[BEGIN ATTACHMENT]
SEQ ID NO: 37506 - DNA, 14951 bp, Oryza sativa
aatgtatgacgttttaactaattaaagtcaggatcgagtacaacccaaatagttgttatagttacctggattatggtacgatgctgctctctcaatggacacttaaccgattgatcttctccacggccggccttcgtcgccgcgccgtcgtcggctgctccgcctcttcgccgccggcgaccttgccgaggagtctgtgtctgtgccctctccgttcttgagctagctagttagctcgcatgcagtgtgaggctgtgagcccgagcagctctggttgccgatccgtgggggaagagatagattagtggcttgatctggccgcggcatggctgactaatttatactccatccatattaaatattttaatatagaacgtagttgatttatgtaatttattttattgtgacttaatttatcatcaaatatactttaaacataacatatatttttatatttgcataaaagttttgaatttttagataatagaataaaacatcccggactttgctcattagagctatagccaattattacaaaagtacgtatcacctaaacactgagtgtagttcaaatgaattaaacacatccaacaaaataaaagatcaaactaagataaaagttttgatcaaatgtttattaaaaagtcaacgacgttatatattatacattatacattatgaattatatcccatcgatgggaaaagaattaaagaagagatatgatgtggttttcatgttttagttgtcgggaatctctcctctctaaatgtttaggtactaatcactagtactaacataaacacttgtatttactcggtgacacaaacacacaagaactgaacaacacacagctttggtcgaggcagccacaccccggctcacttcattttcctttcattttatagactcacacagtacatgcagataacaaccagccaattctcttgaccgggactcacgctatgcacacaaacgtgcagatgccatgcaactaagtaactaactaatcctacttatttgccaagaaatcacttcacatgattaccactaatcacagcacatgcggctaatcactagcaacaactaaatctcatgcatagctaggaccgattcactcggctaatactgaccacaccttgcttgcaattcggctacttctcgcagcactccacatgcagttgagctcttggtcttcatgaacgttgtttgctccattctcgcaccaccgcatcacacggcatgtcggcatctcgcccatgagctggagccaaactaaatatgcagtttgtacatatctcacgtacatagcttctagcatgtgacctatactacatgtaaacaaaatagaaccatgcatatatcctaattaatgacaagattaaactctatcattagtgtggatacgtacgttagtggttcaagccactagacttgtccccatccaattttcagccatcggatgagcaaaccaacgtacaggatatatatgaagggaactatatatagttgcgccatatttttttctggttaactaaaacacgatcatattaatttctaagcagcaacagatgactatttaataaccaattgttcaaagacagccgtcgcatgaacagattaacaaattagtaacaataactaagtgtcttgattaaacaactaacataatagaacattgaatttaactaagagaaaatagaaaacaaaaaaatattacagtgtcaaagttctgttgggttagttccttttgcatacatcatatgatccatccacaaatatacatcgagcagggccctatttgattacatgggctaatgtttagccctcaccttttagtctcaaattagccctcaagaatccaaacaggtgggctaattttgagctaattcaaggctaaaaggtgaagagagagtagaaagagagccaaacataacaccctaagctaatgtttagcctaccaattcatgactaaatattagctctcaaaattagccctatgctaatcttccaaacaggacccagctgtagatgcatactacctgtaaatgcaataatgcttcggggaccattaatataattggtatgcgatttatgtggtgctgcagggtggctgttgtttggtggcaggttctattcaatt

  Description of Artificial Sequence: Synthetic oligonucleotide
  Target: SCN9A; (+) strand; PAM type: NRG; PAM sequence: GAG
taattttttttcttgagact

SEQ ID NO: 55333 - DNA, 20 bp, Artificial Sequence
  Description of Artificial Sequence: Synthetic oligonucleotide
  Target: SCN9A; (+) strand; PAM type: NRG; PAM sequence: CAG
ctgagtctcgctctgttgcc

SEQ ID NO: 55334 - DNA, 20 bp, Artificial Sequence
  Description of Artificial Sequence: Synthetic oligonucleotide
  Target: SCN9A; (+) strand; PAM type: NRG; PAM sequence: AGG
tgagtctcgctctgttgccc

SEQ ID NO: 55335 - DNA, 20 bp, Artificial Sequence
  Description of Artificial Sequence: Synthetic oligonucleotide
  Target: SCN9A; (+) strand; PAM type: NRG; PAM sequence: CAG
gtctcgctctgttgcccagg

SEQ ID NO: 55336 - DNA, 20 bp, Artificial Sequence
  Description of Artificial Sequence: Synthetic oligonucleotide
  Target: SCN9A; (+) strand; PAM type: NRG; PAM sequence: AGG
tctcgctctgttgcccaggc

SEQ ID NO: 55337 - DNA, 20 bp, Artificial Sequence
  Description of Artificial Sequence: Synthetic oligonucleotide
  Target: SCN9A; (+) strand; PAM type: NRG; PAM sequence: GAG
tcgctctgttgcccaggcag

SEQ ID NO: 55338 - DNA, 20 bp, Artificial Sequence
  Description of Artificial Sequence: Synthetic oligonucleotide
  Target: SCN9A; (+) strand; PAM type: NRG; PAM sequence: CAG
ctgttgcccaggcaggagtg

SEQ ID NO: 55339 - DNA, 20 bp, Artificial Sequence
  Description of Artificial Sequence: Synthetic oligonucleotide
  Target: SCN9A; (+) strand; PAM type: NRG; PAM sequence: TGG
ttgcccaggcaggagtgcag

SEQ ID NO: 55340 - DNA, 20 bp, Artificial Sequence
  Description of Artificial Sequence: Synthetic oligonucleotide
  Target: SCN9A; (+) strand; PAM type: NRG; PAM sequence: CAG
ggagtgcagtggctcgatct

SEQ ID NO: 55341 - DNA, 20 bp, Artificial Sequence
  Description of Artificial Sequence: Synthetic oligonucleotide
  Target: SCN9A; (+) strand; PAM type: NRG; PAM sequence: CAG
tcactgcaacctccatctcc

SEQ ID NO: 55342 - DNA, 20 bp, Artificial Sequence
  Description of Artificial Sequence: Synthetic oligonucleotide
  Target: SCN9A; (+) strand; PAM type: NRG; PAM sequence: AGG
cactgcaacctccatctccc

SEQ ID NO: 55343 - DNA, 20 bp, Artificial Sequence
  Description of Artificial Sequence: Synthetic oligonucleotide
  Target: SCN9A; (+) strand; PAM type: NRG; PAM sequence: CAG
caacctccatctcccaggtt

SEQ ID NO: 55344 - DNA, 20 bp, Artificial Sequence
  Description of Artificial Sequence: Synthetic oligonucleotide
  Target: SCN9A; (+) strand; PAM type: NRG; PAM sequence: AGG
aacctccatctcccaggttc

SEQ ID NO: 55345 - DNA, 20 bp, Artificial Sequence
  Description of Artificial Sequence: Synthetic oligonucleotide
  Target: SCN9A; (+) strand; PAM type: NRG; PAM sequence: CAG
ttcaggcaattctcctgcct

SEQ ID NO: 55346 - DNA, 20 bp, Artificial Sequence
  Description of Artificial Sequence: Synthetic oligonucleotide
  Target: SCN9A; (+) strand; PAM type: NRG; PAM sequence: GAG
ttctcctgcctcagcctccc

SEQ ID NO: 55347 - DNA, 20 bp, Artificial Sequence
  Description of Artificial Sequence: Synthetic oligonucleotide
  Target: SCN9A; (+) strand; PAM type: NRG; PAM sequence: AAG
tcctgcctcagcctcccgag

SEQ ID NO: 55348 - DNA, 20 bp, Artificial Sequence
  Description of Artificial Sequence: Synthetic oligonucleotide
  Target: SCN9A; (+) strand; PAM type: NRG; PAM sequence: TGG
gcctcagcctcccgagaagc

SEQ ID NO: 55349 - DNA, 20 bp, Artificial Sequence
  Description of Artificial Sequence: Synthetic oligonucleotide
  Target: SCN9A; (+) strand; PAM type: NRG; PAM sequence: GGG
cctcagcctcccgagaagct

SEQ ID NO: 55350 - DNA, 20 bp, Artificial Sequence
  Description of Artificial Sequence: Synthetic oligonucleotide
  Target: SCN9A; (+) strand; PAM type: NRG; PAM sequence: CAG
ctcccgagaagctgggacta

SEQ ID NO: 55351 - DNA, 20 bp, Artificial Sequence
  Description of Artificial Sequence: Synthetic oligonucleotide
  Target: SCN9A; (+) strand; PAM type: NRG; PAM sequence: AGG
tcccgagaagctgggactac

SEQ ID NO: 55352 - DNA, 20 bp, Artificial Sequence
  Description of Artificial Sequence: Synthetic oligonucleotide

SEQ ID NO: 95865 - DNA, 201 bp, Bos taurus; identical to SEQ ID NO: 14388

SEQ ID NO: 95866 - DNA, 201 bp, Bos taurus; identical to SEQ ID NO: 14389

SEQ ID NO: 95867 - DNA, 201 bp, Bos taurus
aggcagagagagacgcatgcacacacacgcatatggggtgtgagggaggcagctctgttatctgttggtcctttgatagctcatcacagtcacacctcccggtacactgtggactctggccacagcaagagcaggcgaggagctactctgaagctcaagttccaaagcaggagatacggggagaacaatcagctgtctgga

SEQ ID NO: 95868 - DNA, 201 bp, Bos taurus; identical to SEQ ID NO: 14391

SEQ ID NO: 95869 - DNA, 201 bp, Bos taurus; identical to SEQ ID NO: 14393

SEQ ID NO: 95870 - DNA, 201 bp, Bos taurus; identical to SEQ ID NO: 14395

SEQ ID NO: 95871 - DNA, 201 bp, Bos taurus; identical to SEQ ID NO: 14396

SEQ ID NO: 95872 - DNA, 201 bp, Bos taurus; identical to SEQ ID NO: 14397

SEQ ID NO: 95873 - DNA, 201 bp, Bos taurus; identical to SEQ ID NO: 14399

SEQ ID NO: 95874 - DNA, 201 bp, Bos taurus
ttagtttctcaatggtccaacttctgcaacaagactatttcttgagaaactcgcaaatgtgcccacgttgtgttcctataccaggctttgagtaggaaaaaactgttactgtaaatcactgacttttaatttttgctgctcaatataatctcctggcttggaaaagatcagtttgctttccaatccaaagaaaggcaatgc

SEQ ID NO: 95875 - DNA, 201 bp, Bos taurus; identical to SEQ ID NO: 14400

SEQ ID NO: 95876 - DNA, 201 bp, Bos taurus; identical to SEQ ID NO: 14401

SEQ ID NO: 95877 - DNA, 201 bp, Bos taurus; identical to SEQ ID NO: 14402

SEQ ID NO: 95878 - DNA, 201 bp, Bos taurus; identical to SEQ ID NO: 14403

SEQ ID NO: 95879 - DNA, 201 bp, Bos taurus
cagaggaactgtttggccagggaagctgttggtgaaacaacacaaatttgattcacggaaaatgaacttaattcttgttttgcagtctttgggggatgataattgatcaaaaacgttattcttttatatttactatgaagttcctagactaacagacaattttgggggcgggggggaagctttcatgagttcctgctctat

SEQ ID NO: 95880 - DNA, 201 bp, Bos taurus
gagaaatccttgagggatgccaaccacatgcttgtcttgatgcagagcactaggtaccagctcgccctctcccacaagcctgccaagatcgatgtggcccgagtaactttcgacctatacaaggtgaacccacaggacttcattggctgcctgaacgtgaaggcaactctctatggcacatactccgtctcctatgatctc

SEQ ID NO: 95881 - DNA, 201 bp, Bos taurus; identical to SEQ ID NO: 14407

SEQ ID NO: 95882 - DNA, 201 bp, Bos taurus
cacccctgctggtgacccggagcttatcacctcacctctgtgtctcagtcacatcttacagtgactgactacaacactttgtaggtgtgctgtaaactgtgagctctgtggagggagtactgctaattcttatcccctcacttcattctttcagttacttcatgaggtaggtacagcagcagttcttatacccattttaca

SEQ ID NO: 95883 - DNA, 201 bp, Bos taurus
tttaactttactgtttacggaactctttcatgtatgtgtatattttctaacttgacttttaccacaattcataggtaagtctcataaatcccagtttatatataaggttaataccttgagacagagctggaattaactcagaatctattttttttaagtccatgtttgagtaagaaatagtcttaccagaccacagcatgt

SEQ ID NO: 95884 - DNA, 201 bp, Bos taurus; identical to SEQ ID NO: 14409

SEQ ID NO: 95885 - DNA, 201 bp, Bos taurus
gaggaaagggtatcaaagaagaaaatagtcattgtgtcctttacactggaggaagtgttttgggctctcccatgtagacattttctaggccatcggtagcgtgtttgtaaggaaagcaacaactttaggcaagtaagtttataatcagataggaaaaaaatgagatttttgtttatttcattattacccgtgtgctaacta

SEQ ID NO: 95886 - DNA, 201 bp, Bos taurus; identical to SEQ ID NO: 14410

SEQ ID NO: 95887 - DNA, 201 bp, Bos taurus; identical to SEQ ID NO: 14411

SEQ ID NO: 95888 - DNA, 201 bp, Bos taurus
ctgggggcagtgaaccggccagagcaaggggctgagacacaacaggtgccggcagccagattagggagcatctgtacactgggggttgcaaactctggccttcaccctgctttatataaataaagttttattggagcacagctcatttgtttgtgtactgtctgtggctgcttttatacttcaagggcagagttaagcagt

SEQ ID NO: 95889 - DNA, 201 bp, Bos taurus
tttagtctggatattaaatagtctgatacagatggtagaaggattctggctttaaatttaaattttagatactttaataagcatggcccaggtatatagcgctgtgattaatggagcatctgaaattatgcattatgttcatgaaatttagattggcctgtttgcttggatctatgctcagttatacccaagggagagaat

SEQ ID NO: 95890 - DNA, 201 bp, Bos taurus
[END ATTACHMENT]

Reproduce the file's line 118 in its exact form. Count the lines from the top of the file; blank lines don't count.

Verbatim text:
SEQ ID NO: 95890 - DNA, 201 bp, Bos taurus